3

There was some nihilist creed that convinced people to destroy technological society and attempt to kill off the few survivors who were not affected. The story line centers on their survival and research. It took place in the USA.

  • How old is the book? Do you remember any other details? Specific scenes, character names etc. – Moogle Apr 14 '14 at 17:40
  • Fairly recent, probably last decade. Series of scenes with a light plane pilot flying between uncontaminated (sealed) fuel sources. Various attacks by the berserking anti-tech crowd. Sorry no character names. – TwistTies Apr 14 '14 at 17:47
  • Are you sure you're not conflating two books? The part (only in the question heading) about Chinese people on the moon hurling rocks sounds like Heinlein's "The Moon is the Harsh Mistress", but not any of the rest of the question. – Chris Sunami Apr 14 '14 at 18:12
  • No, not conflating. I am aware of Heinlein's gravity well. This one had a small Chinese outpost on the moon firing missiles or lasers or rocks at the survivors whenever they left a radio or electronic signal, something like that. It seemed to be a minor part of the story line. – TwistTies Apr 14 '14 at 20:12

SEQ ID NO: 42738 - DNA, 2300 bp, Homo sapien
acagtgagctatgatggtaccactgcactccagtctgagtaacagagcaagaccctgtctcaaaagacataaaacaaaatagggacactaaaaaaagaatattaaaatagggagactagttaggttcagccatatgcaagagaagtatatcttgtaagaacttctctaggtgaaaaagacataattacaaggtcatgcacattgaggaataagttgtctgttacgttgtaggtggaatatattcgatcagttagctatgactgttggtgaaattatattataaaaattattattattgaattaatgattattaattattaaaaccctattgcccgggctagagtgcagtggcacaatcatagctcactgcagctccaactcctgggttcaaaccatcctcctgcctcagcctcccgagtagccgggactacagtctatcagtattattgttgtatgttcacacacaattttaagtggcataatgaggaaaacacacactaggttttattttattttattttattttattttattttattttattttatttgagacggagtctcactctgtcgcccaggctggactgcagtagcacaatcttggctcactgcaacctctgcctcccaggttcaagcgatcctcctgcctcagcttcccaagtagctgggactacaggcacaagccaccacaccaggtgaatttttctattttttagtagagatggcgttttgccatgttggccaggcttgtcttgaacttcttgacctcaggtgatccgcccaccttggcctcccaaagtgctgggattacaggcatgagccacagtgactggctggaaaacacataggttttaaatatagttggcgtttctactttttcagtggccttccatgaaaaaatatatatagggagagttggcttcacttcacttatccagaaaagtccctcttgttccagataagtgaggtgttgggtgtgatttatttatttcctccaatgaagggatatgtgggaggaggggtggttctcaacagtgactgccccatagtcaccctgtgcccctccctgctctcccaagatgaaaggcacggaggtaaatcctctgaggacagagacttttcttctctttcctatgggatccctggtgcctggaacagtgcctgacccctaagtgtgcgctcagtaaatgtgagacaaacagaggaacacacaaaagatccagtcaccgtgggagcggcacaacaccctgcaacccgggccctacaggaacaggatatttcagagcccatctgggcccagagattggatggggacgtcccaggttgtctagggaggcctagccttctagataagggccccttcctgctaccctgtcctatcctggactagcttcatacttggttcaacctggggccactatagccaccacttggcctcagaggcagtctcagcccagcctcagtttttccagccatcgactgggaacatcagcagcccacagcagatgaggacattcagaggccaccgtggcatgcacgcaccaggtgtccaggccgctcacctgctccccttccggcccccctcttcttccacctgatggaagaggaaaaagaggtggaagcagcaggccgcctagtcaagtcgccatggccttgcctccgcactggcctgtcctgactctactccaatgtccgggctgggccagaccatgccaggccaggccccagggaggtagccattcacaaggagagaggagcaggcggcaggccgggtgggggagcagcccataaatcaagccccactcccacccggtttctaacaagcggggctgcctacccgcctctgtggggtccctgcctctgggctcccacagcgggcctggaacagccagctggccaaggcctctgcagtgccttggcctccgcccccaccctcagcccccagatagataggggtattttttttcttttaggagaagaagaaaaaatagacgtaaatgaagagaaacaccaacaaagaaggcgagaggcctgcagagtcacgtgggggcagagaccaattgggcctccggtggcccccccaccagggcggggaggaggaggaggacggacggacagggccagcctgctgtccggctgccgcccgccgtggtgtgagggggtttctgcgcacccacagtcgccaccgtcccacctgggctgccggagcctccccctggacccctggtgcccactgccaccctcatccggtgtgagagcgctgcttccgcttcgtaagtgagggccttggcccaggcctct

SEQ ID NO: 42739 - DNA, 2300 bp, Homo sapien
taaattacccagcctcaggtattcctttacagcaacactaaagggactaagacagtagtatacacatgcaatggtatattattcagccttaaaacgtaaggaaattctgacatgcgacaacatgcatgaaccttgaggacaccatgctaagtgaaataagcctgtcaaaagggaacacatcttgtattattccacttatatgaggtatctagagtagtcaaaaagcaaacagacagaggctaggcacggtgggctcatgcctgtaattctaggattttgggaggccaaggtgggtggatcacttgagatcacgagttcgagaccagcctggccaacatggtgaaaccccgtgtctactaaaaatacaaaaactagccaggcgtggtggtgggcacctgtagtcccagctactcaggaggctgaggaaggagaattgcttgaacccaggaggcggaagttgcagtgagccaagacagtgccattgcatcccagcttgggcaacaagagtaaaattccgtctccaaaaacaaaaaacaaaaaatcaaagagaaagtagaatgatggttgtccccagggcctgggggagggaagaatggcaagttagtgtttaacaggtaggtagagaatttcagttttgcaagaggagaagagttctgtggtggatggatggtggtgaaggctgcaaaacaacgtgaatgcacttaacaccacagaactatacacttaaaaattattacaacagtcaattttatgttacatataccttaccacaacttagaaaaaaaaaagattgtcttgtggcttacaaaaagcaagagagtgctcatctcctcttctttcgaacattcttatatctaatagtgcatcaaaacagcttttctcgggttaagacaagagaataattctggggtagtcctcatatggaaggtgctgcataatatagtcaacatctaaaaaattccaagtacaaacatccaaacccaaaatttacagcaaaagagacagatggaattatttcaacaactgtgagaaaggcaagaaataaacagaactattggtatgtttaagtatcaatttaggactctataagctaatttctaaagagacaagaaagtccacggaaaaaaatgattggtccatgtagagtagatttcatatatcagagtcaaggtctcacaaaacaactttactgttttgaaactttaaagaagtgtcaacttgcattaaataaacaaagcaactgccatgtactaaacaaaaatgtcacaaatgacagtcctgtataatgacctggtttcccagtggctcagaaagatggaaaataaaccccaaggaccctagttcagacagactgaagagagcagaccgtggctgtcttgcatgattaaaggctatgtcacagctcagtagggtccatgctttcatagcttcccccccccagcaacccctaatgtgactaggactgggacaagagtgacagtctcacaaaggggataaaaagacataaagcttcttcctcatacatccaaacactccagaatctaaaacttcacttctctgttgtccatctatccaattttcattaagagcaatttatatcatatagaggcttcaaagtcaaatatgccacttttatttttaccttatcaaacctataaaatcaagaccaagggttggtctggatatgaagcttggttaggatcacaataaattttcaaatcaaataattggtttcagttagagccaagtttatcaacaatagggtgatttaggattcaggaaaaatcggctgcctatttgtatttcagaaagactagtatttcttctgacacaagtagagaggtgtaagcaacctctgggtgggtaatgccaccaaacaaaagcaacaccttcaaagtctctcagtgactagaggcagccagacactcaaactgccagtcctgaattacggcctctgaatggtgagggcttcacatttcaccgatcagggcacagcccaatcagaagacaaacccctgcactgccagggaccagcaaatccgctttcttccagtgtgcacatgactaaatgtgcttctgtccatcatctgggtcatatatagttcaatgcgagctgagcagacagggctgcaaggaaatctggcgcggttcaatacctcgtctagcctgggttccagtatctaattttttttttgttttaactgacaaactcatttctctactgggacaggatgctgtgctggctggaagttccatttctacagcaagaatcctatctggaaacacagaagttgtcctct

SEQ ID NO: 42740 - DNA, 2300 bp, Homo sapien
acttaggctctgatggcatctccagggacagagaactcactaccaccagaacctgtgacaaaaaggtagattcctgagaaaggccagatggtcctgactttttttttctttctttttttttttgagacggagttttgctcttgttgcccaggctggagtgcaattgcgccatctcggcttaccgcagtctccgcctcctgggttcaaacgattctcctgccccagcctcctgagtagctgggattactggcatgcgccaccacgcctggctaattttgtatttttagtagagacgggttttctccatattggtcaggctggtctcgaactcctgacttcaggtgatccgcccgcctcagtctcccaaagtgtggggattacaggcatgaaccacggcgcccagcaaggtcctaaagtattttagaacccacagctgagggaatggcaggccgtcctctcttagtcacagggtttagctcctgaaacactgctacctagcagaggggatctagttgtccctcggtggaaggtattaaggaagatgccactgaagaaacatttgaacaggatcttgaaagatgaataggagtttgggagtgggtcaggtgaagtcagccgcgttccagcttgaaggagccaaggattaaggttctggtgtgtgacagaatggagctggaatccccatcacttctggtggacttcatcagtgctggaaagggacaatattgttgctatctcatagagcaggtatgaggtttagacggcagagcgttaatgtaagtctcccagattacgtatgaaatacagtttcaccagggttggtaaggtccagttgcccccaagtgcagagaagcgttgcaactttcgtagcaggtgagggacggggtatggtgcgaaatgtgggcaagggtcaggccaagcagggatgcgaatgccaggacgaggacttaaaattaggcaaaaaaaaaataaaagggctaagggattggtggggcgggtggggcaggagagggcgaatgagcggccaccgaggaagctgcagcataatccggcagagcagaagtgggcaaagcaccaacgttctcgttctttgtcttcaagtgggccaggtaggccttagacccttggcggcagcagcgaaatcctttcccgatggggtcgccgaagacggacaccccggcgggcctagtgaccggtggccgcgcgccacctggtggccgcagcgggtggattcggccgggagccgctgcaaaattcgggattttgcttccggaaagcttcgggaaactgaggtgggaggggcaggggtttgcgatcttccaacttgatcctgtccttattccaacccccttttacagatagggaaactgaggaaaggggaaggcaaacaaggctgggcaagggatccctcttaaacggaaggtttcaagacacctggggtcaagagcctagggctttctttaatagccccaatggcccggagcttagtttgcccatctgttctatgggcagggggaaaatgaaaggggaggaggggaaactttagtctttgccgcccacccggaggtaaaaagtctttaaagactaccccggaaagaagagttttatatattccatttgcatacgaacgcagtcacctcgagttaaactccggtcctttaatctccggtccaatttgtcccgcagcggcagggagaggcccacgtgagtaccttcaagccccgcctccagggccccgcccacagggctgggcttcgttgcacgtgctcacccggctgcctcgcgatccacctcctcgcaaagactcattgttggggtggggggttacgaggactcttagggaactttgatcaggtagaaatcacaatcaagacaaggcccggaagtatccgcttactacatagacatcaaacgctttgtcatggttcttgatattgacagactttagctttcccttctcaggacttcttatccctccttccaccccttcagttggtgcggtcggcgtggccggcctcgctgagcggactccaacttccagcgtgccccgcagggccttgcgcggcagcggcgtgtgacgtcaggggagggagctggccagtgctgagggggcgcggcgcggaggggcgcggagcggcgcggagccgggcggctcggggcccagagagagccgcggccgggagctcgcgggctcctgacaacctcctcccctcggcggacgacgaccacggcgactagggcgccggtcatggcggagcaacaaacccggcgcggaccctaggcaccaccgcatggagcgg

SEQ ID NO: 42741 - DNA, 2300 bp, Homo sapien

5

This is the "Daybreak" series of novels by John Barnes, starting with Directive 51 (very recent -- 2010).

The followers of Daybreak bring about the end of technological civilization using nanotechnology and engineered viruses that break down rubber, plastic, petroleum fuels and metal conductors. Some airplane combustion engines remain, but need to be carefully maintained and decontaminated. Navy ships at sea survive for a while, but gradually start falling victim to Daybreak.

Nuclear "pure fusion" detonations from pre-placed weapons in key cities are used; later, pure fusion weapons are launched from a moon base, targeting (as you note) radio transmissions from survivors.

In the second book, we start to find out that Daybreak

appears to be an emergent property of a complex system... also, taking the meme "thought virus" concept to heart, if you think about Daybreak too much, you become susceptible to it, and can also be mind controlled by other Daybreak followers. It starts to get screwy, I didn't feel compelled to read the third book.

  • Sounds like fun. – Ash Aug 3 '17 at 12:51

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